Wagstaffs is currently tweaking the model to allow architects to insert their own BIM projects and explore them in VR, but another bigger challenge remains the model’s sheer scale. So far it spans 200 km2 of VR-ready London, from Hammersmith and Fulham in the west to Stratford and City Airport in the east, from Camden down to halfway through Southwark.
As Hawthorne explains, work has been concentrated on pockets of areas with “development aspirations,” and the model is expanding by 5-8 km2 a month. “At that rate we hope we’d reach the north and south circular roads by summer next year.”
Wagstaffs’ project was initially inspired by a sister service aimed at the residential market, VuitNow, designed to give potential buyers a cross-platform 3D VR-ready model of a property. Another similar service provided the springboard for launching a new digital consultancy with a VR bent into this growing market – Andrew Lucas Studios.
Business development manager Hamza Abbas says the firm launched in response to demand from architects and designers wanting to provide the service to clients, and has now struck deals with a number of consultancies including London-based SODA, Casson Conder Partnership and Attol Architecture. While Andrew Lucas Studios’ main goal remains perfecting its mobile app, the team is also focused on creating a bespoke VR-ready platform to enable architects to upload their existing 3D models and immerse users in the environment. “With renders and flythroughs you are looking at a screen but you are not really there,” explains Abbas.
“With VR, whether you are the architect or end client, you can step into an actual property before it has been built.” He adds that the positives from VR technology also extend into the design process itself: “Normally if you need to make changes once a 3D render has been made, you’d have to go back to the drawing board and re-do everything. The exciting thing about VR is you can change the design.”
While there is scope for amendments, these are mostly cosmetic – colours and textures – and major changes to the plans are still largely done externally. Ben Bennett, managing director of Luminous, a digital consultancy and surveying firm, comments:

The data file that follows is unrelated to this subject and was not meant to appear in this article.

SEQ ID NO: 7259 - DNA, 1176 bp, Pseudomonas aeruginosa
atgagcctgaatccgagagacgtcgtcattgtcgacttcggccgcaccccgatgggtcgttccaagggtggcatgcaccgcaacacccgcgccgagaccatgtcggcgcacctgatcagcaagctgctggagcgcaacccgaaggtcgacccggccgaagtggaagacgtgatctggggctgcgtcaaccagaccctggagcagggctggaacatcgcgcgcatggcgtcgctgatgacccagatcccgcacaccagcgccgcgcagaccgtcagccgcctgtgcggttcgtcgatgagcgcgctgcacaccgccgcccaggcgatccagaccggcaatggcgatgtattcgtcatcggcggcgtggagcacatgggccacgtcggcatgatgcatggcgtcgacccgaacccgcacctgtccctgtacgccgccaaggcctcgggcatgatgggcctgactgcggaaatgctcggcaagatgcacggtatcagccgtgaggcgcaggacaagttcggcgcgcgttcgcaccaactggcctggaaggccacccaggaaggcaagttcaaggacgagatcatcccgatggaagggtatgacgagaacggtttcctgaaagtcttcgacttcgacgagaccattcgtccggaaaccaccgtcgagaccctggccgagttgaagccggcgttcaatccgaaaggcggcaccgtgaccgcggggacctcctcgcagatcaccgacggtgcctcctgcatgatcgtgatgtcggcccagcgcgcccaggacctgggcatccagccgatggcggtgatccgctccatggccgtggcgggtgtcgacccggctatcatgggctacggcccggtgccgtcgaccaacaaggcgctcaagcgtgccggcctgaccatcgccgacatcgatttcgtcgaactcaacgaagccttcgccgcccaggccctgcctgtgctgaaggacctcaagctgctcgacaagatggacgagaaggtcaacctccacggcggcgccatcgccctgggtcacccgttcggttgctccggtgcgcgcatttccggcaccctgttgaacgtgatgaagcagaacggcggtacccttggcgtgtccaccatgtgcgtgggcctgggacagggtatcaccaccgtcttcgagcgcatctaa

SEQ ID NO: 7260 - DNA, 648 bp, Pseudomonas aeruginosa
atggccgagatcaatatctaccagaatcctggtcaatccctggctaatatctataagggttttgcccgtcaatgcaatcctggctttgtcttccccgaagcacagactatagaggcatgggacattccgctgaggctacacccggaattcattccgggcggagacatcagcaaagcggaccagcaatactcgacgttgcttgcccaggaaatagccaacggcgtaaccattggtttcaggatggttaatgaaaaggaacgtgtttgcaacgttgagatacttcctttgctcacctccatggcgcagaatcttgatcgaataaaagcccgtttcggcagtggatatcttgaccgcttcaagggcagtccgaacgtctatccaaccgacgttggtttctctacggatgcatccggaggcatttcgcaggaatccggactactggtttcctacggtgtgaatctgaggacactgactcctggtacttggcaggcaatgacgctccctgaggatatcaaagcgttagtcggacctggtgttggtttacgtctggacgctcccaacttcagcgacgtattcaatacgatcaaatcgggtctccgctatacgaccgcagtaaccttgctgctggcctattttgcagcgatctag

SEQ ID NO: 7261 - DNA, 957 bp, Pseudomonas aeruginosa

“VR is a very powerful tool, it gives us a chance to envisage the real world and gives architects a chance to change things virtually.”
“But there are some caveats,” he explains. “You can make changes on the fly – but we’re not there yet with in terms of substantial changes to the geometry; it requires additional modelling.”
He insists even the cheapest visualisation tool can be ‘very effective’ in planning.
“We have worked with clients where we’ve actually taken 360º headsets and made planning officers sit down and see something in perspective. A 360º bubble view really communicates issues such as height – and that’s only the most basic way architects can integrate VR.”
At the other extreme, architects can use it more extensively as a design tool.
“It gives them a chance to explore whether something works or not,” says Bennett. “We have found that once they’re in the 3D environment it really shows where things don’t work.”
A future fusion of BIM and VR
Bennett, whose consultancy is engaged in one of the major regeneration projects in London’s Spitalfields with architect/developer specialists Architecton – is urging architects to explore the different engines and visualisation tools in order to build their in-house capacity – which could further streamline the design process by cutting out the middle man.
“I think this will become part and parcel of the design process. Architects will test things virtually and do everything in-house.”
He predicts VR will transform construction too, with professionals being able to overlay technical data directly on site and inspecting the changes virtually via ‘smart’ helmets. Bennett concludes:
“A lot of people have heard about VR, but they don’t know how to use it to get the benefit within their practice. I encourage architects to start looking at the technology now and learn about the tools there are.”
Beyond that, the industry will increasingly be able to harness AR (Augmented Reality), mixing reality with overlayed CGI, already a familiar tool in the media:
“I think we are scratching the surface at the moment, and it will bring big benefits.”